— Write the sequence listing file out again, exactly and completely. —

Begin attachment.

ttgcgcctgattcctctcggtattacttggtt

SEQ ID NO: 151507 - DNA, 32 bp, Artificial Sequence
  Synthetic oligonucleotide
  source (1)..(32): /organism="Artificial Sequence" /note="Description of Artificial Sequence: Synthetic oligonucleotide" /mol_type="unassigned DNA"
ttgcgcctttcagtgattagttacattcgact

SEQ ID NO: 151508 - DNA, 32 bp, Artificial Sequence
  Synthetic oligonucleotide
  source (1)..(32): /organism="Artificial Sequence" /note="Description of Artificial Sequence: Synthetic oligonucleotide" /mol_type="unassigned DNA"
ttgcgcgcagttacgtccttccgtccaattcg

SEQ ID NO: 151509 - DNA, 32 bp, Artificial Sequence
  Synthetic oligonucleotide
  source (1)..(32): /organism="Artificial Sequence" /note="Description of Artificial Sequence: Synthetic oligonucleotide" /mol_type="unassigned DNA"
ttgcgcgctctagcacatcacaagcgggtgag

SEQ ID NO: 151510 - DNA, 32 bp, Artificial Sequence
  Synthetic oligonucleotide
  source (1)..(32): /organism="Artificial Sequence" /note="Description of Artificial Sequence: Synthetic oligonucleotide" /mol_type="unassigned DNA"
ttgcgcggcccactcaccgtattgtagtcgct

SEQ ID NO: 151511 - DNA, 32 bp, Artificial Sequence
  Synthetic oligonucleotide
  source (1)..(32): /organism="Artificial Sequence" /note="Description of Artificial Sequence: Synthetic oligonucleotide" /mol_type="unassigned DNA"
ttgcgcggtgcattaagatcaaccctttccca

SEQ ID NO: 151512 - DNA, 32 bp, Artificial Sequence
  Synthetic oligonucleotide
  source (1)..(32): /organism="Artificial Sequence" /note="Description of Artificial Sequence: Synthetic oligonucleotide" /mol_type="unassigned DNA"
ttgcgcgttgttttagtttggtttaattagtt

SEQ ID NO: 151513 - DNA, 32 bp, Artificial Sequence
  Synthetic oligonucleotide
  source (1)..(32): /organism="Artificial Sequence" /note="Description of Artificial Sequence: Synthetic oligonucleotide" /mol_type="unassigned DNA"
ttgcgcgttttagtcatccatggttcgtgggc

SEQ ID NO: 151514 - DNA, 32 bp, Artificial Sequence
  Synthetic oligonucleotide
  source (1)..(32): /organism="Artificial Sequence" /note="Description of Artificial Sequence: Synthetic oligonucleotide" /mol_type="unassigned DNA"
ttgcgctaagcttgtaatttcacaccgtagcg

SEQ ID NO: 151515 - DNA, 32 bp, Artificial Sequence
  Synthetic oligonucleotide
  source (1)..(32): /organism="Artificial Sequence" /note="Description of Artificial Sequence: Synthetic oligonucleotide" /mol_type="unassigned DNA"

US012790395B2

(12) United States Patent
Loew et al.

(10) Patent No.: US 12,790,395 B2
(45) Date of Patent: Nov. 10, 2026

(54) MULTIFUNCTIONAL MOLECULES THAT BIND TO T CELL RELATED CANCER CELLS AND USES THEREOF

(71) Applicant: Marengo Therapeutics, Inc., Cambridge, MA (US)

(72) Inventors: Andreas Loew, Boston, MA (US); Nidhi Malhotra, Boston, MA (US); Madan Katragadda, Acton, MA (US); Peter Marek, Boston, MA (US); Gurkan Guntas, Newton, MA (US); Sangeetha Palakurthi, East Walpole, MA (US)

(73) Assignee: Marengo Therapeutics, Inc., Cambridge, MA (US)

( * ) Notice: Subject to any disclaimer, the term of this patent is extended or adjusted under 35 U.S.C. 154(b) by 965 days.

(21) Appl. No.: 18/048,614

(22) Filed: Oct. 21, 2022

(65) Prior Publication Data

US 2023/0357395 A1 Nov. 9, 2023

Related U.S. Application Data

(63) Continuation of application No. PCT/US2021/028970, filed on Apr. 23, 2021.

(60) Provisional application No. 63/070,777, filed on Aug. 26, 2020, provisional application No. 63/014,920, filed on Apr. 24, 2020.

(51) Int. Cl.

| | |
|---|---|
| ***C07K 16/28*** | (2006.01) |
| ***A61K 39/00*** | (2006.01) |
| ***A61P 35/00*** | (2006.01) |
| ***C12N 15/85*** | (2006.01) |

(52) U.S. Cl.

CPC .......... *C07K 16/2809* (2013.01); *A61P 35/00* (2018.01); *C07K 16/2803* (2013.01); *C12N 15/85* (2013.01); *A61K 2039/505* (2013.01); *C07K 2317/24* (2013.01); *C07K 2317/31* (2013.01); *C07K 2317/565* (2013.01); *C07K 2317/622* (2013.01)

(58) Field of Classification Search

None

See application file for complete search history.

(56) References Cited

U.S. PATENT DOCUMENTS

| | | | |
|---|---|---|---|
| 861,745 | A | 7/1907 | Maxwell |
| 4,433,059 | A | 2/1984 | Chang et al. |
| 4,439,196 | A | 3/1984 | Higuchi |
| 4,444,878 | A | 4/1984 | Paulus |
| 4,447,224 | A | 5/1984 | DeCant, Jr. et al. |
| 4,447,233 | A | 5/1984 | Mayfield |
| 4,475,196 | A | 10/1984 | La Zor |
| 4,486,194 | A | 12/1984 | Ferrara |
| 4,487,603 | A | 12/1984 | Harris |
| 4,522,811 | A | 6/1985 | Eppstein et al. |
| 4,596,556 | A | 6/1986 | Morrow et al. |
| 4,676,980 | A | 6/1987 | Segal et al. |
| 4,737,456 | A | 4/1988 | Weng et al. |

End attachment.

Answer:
ttgcgcctgattcctctcggtattacttggtt

SEQ ID NO: 151507 - DNA, 32 bp, Artificial Sequence
  Synthetic oligonucleotide
  source (1)..(32): /organism="Artificial Sequence" /note="Description of Artificial Sequence: Synthetic oligonucleotide" /mol_type="unassigned DNA"
ttgcgcctttcagtgattagttacattcgact

SEQ ID NO: 151508 - DNA, 32 bp, Artificial Sequence
  Synthetic oligonucleotide
  source (1)..(32): /organism="Artificial Sequence" /note="Description of Artificial Sequence: Synthetic oligonucleotide" /mol_type="unassigned DNA"
ttgcgcgcagttacgtccttccgtccaattcg

SEQ ID NO: 151509 - DNA, 32 bp, Artificial Sequence
  Synthetic oligonucleotide
  source (1)..(32): /organism="Artificial Sequence" /note="Description of Artificial Sequence: Synthetic oligonucleotide" /mol_type="unassigned DNA"
ttgcgcgctctagcacatcacaagcgggtgag

SEQ ID NO: 151510 - DNA, 32 bp, Artificial Sequence
  Synthetic oligonucleotide
  source (1)..(32): /organism="Artificial Sequence" /note="Description of Artificial Sequence: Synthetic oligonucleotide" /mol_type="unassigned DNA"
ttgcgcggcccactcaccgtattgtagtcgct

SEQ ID NO: 151511 - DNA, 32 bp, Artificial Sequence
  Synthetic oligonucleotide
  source (1)..(32): /organism="Artificial Sequence" /note="Description of Artificial Sequence: Synthetic oligonucleotide" /mol_type="unassigned DNA"
ttgcgcggtgcattaagatcaaccctttccca

SEQ ID NO: 151512 - DNA, 32 bp, Artificial Sequence
  Synthetic oligonucleotide
  source (1)..(32): /organism="Artificial Sequence" /note="Description of Artificial Sequence: Synthetic oligonucleotide" /mol_type="unassigned DNA"
ttgcgcgttgttttagtttggtttaattagtt

SEQ ID NO: 151513 - DNA, 32 bp, Artificial Sequence
  Synthetic oligonucleotide
  source (1)..(32): /organism="Artificial Sequence" /note="Description of Artificial Sequence: Synthetic oligonucleotide" /mol_type="unassigned DNA"
ttgcgcgttttagtcatccatggttcgtgggc

SEQ ID NO: 151514 - DNA, 32 bp, Artificial Sequence
  Synthetic oligonucleotide
  source (1)..(32): /organism="Artificial Sequence" /note="Description of Artificial Sequence: Synthetic oligonucleotide" /mol_type="unassigned DNA"
ttgcgctaagcttgtaatttcacaccgtagcg

SEQ ID NO: 151515 - DNA, 32 bp, Artificial Sequence
  Synthetic oligonucleotide
  source (1)..(32): /organism="Artificial Sequence" /note="Description of Artificial Sequence: Synthetic oligonucleotide" /mol_type="unassigned DNA"

US012790395B2

(12) United States Patent
Loew et al.

(10) Patent No.: US 12,790,395 B2
(45) Date of Patent: Nov. 10, 2026

(54) MULTIFUNCTIONAL MOLECULES THAT BIND TO T CELL RELATED CANCER CELLS AND USES THEREOF

(71) Applicant: Marengo Therapeutics, Inc., Cambridge, MA (US)

(72) Inventors: Andreas Loew, Boston, MA (US); Nidhi Malhotra, Boston, MA (US); Madan Katragadda, Acton, MA (US); Peter Marek, Boston, MA (US); Gurkan Guntas, Newton, MA (US); Sangeetha Palakurthi, East Walpole, MA (US)

(73) Assignee: Marengo Therapeutics, Inc., Cambridge, MA (US)

( * ) Notice: Subject to any disclaimer, the term of this patent is extended or adjusted under 35 U.S.C. 154(b) by 965 days.

(21) Appl. No.: 18/048,614

(22) Filed: Oct. 21, 2022

(65) Prior Publication Data

US 2023/0357395 A1 Nov. 9, 2023

Related U.S. Application Data

(63) Continuation of application No. PCT/US2021/028970, filed on Apr. 23, 2021.

(60) Provisional application No. 63/070,777, filed on Aug. 26, 2020, provisional application No. 63/014,920, filed on Apr. 24, 2020.

(51) Int. Cl.

| | |
|---|---|
| ***C07K 16/28*** | (2006.01) |
| ***A61K 39/00*** | (2006.01) |
| ***A61P 35/00*** | (2006.01) |
| ***C12N 15/85*** | (2006.01) |

(52) U.S. Cl.

CPC .......... *C07K 16/2809* (2013.01); *A61P 35/00* (2018.01); *C07K 16/2803* (2013.01); *C12N 15/85* (2013.01); *A61K 2039/505* (2013.01); *C07K 2317/24* (2013.01); *C07K 2317/31* (2013.01); *C07K 2317/565* (2013.01); *C07K 2317/622* (2013.01)

(58) Field of Classification Search

None

See application file for complete search history.

(56) References Cited

U.S. PATENT DOCUMENTS

| | | | |
|---|---|---|---|
| 861,745 | A | 7/1907 | Maxwell |
| 4,433,059 | A | 2/1984 | Chang et al. |
| 4,439,196 | A | 3/1984 | Higuchi |
| 4,444,878 | A | 4/1984 | Paulus |
| 4,447,224 | A | 5/1984 | DeCant, Jr. et al. |
| 4,447,233 | A | 5/1984 | Mayfield |
| 4,475,196 | A | 10/1984 | La Zor |
| 4,486,194 | A | 12/1984 | Ferrara |
| 4,487,603 | A | 12/1984 | Harris |
| 4,522,811 | A | 6/1985 | Eppstein et al. |
| 4,596,556 | A | 6/1986 | Morrow et al. |
| 4,676,980 | A | 6/1987 | Segal et al. |
| 4,737,456 | A | 4/1988 | Weng et al. |